The Center for Lao Studies is a unique organization that serves both as an academic and a resource center for scholars, the general public, and persons of Lao heritage around the world. Our mission is to advance knowledge and engagement in the field of Lao Studies through research, education and information sharing. Ourvision is to be an institution that leads and excels in the pursuit of knowledge in the field of Lao Studies. At the Center for Lao Studies, we provide an opportunity for all to use our resources, participate in our programs, and to be educated and informed on all issues pertaining to Lao Studies.

The Center for Lao Studies, a 501(c)(3) public benefit corporation, was formed in 2006 as a result of the First International Conference on Lao Studies. CLS was created in response to a void in Lao Studies at the time; in university settings, Lao Studies tended to fall under the umbrella of bigger fields of study and under various administrative structures, such as Centers for Southeast Asian Studies or Centers for Asian Studies. Lao Studies has rarely if ever been the main focus of these fields —Lao specialist faculty is almost nonexistent, Lao language is not taught, and research and publications on Lao-related topics are rare. The Center for Lao Studies has been committed to filling this void by working with academic institutions and community organizations around the world to initiate exceptional programs.

What makes the Center for Lao Studies stand out is our devotion to exclusively developing and promoting the field of Lao Studies. We achieve this through four main objectives:

  1. Promote Lao Studies in Academia through the International Conference on Lao Studies and Summer Study Abroad in Laos Programs;
  2. Collaboration between Academia and the Community established through the Lao Oral History Archive, cosponsoring of the International Lao New Year Festival, and through partnerships with institutions, universities and non profit organizations in the U.S. and abroad;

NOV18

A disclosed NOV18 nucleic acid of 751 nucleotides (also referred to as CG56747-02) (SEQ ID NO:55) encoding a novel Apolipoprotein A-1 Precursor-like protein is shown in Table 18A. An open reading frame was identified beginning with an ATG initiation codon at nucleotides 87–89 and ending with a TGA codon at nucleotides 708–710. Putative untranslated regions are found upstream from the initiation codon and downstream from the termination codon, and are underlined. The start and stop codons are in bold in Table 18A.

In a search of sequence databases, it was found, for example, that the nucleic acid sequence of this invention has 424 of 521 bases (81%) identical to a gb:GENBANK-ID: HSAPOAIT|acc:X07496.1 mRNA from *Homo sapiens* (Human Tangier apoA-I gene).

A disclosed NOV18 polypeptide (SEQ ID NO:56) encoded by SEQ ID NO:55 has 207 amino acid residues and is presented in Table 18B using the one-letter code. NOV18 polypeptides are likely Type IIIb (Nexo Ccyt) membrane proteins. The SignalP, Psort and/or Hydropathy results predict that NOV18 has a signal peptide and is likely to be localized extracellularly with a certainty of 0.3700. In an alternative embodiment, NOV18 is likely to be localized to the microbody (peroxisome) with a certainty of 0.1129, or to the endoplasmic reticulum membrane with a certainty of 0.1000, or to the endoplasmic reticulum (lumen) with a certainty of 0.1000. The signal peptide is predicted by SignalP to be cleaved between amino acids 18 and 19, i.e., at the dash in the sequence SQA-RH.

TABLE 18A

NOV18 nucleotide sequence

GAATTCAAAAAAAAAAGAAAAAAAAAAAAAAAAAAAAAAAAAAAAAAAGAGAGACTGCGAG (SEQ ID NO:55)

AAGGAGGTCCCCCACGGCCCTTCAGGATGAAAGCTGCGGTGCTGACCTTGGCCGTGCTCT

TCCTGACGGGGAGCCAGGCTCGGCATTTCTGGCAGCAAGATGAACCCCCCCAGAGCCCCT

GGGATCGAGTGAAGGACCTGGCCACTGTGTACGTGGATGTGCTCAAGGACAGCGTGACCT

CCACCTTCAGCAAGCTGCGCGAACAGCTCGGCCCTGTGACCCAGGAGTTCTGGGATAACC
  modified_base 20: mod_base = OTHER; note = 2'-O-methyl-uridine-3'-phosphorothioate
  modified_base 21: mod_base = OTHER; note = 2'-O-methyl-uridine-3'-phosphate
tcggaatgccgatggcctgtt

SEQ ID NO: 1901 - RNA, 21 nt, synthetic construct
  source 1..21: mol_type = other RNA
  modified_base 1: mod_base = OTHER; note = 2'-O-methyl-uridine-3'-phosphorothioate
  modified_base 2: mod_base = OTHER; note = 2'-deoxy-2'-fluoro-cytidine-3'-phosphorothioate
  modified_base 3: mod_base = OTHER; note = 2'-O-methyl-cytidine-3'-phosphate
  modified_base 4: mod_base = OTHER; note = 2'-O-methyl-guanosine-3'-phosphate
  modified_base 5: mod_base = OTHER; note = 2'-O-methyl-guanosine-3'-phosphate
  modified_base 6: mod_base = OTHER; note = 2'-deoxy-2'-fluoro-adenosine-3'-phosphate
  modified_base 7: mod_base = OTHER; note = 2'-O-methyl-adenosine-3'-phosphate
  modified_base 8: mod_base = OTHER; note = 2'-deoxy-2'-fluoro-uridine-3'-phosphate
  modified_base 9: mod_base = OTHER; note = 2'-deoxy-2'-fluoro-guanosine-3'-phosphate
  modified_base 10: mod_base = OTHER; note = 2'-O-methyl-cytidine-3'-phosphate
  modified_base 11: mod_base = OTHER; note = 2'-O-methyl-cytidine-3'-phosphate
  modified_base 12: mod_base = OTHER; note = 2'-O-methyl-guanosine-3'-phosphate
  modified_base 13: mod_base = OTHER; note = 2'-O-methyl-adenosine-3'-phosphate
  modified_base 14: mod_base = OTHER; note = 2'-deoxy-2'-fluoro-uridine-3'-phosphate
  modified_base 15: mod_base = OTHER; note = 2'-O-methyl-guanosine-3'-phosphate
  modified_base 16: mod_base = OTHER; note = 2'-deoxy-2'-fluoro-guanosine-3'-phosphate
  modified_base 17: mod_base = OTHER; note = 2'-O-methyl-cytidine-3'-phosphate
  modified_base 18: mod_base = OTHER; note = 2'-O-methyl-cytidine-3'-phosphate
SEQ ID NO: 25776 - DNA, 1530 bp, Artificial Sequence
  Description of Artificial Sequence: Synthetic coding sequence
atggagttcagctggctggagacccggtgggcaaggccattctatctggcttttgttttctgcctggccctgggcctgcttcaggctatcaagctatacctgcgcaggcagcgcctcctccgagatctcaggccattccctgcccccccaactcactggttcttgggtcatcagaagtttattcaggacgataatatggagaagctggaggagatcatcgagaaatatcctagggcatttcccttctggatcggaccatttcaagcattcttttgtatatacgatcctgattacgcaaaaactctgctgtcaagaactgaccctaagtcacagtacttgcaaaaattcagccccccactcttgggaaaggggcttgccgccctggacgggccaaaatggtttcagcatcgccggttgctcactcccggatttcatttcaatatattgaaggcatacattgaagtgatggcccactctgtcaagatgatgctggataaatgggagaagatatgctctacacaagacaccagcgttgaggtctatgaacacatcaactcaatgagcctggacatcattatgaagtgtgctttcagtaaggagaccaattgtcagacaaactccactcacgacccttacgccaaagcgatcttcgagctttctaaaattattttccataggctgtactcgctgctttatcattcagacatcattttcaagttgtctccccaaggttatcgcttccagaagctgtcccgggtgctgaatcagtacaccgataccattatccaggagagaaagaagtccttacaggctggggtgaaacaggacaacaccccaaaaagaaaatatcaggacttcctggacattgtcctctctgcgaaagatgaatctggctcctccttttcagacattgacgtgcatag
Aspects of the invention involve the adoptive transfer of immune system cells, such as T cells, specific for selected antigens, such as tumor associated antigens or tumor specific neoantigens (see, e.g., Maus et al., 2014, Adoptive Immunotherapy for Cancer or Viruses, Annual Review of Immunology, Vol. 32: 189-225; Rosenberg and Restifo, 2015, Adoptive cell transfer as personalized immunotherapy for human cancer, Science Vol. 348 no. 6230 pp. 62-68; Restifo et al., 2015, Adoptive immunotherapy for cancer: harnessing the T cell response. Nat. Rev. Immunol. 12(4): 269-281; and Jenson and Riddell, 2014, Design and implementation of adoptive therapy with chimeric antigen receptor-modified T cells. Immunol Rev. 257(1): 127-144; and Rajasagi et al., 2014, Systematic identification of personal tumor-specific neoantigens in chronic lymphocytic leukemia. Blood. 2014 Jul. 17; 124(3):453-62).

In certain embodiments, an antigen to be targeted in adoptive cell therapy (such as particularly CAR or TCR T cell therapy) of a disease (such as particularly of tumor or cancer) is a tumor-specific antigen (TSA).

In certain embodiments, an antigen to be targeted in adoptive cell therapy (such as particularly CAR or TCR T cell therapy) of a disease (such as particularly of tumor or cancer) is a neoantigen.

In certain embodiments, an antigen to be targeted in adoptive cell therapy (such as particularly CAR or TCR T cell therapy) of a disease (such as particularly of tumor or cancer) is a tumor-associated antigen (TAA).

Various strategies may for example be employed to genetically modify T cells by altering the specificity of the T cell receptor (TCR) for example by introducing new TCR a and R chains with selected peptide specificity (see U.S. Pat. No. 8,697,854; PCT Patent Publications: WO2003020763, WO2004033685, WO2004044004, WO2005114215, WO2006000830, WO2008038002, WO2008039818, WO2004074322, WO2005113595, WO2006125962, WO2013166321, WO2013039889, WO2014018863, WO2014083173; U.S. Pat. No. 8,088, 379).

3. Promote Research and Publication of the peer‐reviewed Journal of Lao Studies, manuscripts from the International Conferences on Lao Studies, and other scholarly publications that advance and preserve the languages and cultures of the indigenous peoples of Laos; and
  4. Serve as a Resource Center for scholars, students, community members and the public on all things Lao.

Lao Studies encompasses the study of all Lao disciplines related to and representing the five major groups:

  1. All ethno-linguistic groups of Laos (e.g. Mon-Khmer, Hmong-Mien, Lao-Tai);
  2. Lao Isan and other ethnic Lao groups in Thailand (e.g. Lao Song, Phuan, Phu Tai);
  3. Ethnic Lao living in Cambodia;
  4. Cross-border ethnic groups in Thailand, Vietnam, China, Burma and Cambodia (e.g. Akha, Hmong/Miao, Khmu, Iu-Mien, Lao Phuan, Tai Leu, Tai Dam, Tai Daeng, Shan); and
  5. Overseas Lao (e.g. Lao American, Lao French).

At the Center for Lao Studies, we are passionate about elevating discourse on Lao Studies to that on par with other regional studies departments, and are proud of our accomplishments in creating several one-of-a-kind programs. Our members and volunteers around the world have been crucial to our success, and we invite you to join our community in support of expanding awareness of our programs and increasing our impact in the field. Thank you for visiting us – we hope you will take advantage of all the Center for Lao Studies has to offer. Kop Chai!

Download CLS Brochure (pdf)

Acronym
CLS

Location

405 Grand Ave., Suite 202; South San Francisco, CA 94080
United States
US

Center for Lao Studies Resources

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Reports & Research
December 2010
Laos

The Journal of Lao Studies, Volume 1, Issue 1, pages 1-47. "In this paper I do not argue against farmer livelihood strategies that include either rubber-based or off-farm opportunities. However, the large-scale rubber plantations in Laos are clearly having a massive and rapid impact on landscapes and livelihoods. I want to draw attention specifically to the socio-cultural and economic impacts of the types of rubber development occurring in southern Laos, which I argue are largely benefiting foreign investors and local elites at the expense of most villagers."